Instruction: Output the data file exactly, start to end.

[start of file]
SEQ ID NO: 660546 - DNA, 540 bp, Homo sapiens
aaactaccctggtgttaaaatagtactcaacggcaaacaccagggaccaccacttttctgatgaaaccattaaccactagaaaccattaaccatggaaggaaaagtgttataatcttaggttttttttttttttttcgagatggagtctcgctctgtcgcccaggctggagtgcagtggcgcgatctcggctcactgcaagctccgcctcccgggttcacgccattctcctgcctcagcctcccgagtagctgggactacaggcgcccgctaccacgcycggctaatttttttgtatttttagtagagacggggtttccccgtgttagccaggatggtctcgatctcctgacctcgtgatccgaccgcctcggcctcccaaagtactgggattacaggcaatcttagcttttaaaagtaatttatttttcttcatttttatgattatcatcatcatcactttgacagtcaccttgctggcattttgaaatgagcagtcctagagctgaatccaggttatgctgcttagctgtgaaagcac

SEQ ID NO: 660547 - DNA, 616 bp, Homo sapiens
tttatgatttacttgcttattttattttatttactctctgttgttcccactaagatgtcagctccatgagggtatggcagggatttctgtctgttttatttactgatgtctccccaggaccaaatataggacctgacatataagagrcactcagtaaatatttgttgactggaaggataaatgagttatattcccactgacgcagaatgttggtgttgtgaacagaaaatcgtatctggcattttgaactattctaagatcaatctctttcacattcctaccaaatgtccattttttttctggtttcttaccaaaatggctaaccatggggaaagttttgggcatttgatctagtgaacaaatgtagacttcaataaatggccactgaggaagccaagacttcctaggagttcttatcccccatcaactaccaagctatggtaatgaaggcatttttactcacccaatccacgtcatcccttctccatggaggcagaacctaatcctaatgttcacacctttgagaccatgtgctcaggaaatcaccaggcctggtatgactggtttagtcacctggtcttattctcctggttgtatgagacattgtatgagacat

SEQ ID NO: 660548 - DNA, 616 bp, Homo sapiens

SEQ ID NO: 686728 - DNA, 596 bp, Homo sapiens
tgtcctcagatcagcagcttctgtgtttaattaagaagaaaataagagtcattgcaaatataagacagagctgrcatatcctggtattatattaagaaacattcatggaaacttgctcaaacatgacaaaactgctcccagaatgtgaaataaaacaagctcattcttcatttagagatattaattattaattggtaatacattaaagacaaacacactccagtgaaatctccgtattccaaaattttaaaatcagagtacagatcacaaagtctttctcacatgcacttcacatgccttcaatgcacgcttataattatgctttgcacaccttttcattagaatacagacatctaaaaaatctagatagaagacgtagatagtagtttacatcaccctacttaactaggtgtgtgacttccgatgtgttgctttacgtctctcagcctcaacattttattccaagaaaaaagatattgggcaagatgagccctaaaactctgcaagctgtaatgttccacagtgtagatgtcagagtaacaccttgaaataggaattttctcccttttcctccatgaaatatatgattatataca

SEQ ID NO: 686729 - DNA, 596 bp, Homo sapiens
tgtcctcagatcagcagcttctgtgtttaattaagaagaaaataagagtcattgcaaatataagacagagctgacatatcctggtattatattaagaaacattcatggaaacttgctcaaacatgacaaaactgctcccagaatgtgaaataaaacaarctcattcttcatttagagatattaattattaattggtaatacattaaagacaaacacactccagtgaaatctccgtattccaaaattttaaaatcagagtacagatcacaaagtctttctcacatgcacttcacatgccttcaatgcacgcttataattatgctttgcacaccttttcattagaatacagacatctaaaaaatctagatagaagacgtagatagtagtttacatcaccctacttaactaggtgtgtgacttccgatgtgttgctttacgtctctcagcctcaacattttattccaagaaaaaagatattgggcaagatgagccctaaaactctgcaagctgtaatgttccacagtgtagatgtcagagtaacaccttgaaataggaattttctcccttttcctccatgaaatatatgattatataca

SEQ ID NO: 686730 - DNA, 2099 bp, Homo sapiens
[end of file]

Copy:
SEQ ID NO: 660546 - DNA, 540 bp, Homo sapiens
aaactaccctggtgttaaaatagtactcaacggcaaacaccagggaccaccacttttctgatgaaaccattaaccactagaaaccattaaccatggaaggaaaagtgttataatcttaggttttttttttttttttcgagatggagtctcgctctgtcgcccaggctggagtgcagtggcgcgatctcggctcactgcaagctccgcctcccgggttcacgccattctcctgcctcagcctcccgagtagctgggactacaggcgcccgctaccacgcycggctaatttttttgtatttttagtagagacggggtttccccgtgttagccaggatggtctcgatctcctgacctcgtgatccgaccgcctcggcctcccaaagtactgggattacaggcaatcttagcttttaaaagtaatttatttttcttcatttttatgattatcatcatcatcactttgacagtcaccttgctggcattttgaaatgagcagtcctagagctgaatccaggttatgctgcttagctgtgaaagcac

SEQ ID NO: 660547 - DNA, 616 bp, Homo sapiens
tttatgatttacttgcttattttattttatttactctctgttgttcccactaagatgtcagctccatgagggtatggcagggatttctgtctgttttatttactgatgtctccccaggaccaaatataggacctgacatataagagrcactcagtaaatatttgttgactggaaggataaatgagttatattcccactgacgcagaatgttggtgttgtgaacagaaaatcgtatctggcattttgaactattctaagatcaatctctttcacattcctaccaaatgtccattttttttctggtttcttaccaaaatggctaaccatggggaaagttttgggcatttgatctagtgaacaaatgtagacttcaataaatggccactgaggaagccaagacttcctaggagttcttatcccccatcaactaccaagctatggtaatgaaggcatttttactcacccaatccacgtcatcccttctccatggaggcagaacctaatcctaatgttcacacctttgagaccatgtgctcaggaaatcaccaggcctggtatgactggtttagtcacctggtcttattctcctggttgtatgagacattgtatgagacat

SEQ ID NO: 660548 - DNA, 616 bp, Homo sapiens

SEQ ID NO: 686728 - DNA, 596 bp, Homo sapiens
tgtcctcagatcagcagcttctgtgtttaattaagaagaaaataagagtcattgcaaatataagacagagctgrcatatcctggtattatattaagaaacattcatggaaacttgctcaaacatgacaaaactgctcccagaatgtgaaataaaacaagctcattcttcatttagagatattaattattaattggtaatacattaaagacaaacacactccagtgaaatctccgtattccaaaattttaaaatcagagtacagatcacaaagtctttctcacatgcacttcacatgccttcaatgcacgcttataattatgctttgcacaccttttcattagaatacagacatctaaaaaatctagatagaagacgtagatagtagtttacatcaccctacttaactaggtgtgtgacttccgatgtgttgctttacgtctctcagcctcaacattttattccaagaaaaaagatattgggcaagatgagccctaaaactctgcaagctgtaatgttccacagtgtagatgtcagagtaacaccttgaaataggaattttctcccttttcctccatgaaatatatgattatataca

SEQ ID NO: 686729 - DNA, 596 bp, Homo sapiens
tgtcctcagatcagcagcttctgtgtttaattaagaagaaaataagagtcattgcaaatataagacagagctgacatatcctggtattatattaagaaacattcatggaaacttgctcaaacatgacaaaactgctcccagaatgtgaaataaaacaarctcattcttcatttagagatattaattattaattggtaatacattaaagacaaacacactccagtgaaatctccgtattccaaaattttaaaatcagagtacagatcacaaagtctttctcacatgcacttcacatgccttcaatgcacgcttataattatgctttgcacaccttttcattagaatacagacatctaaaaaatctagatagaagacgtagatagtagtttacatcaccctacttaactaggtgtgtgacttccgatgtgttgctttacgtctctcagcctcaacattttattccaagaaaaaagatattgggcaagatgagccctaaaactctgcaagctgtaatgttccacagtgtagatgtcagagtaacaccttgaaataggaattttctcccttttcctccatgaaatatatgattatataca

SEQ ID NO: 686730 - DNA, 2099 bp, Homo sapiens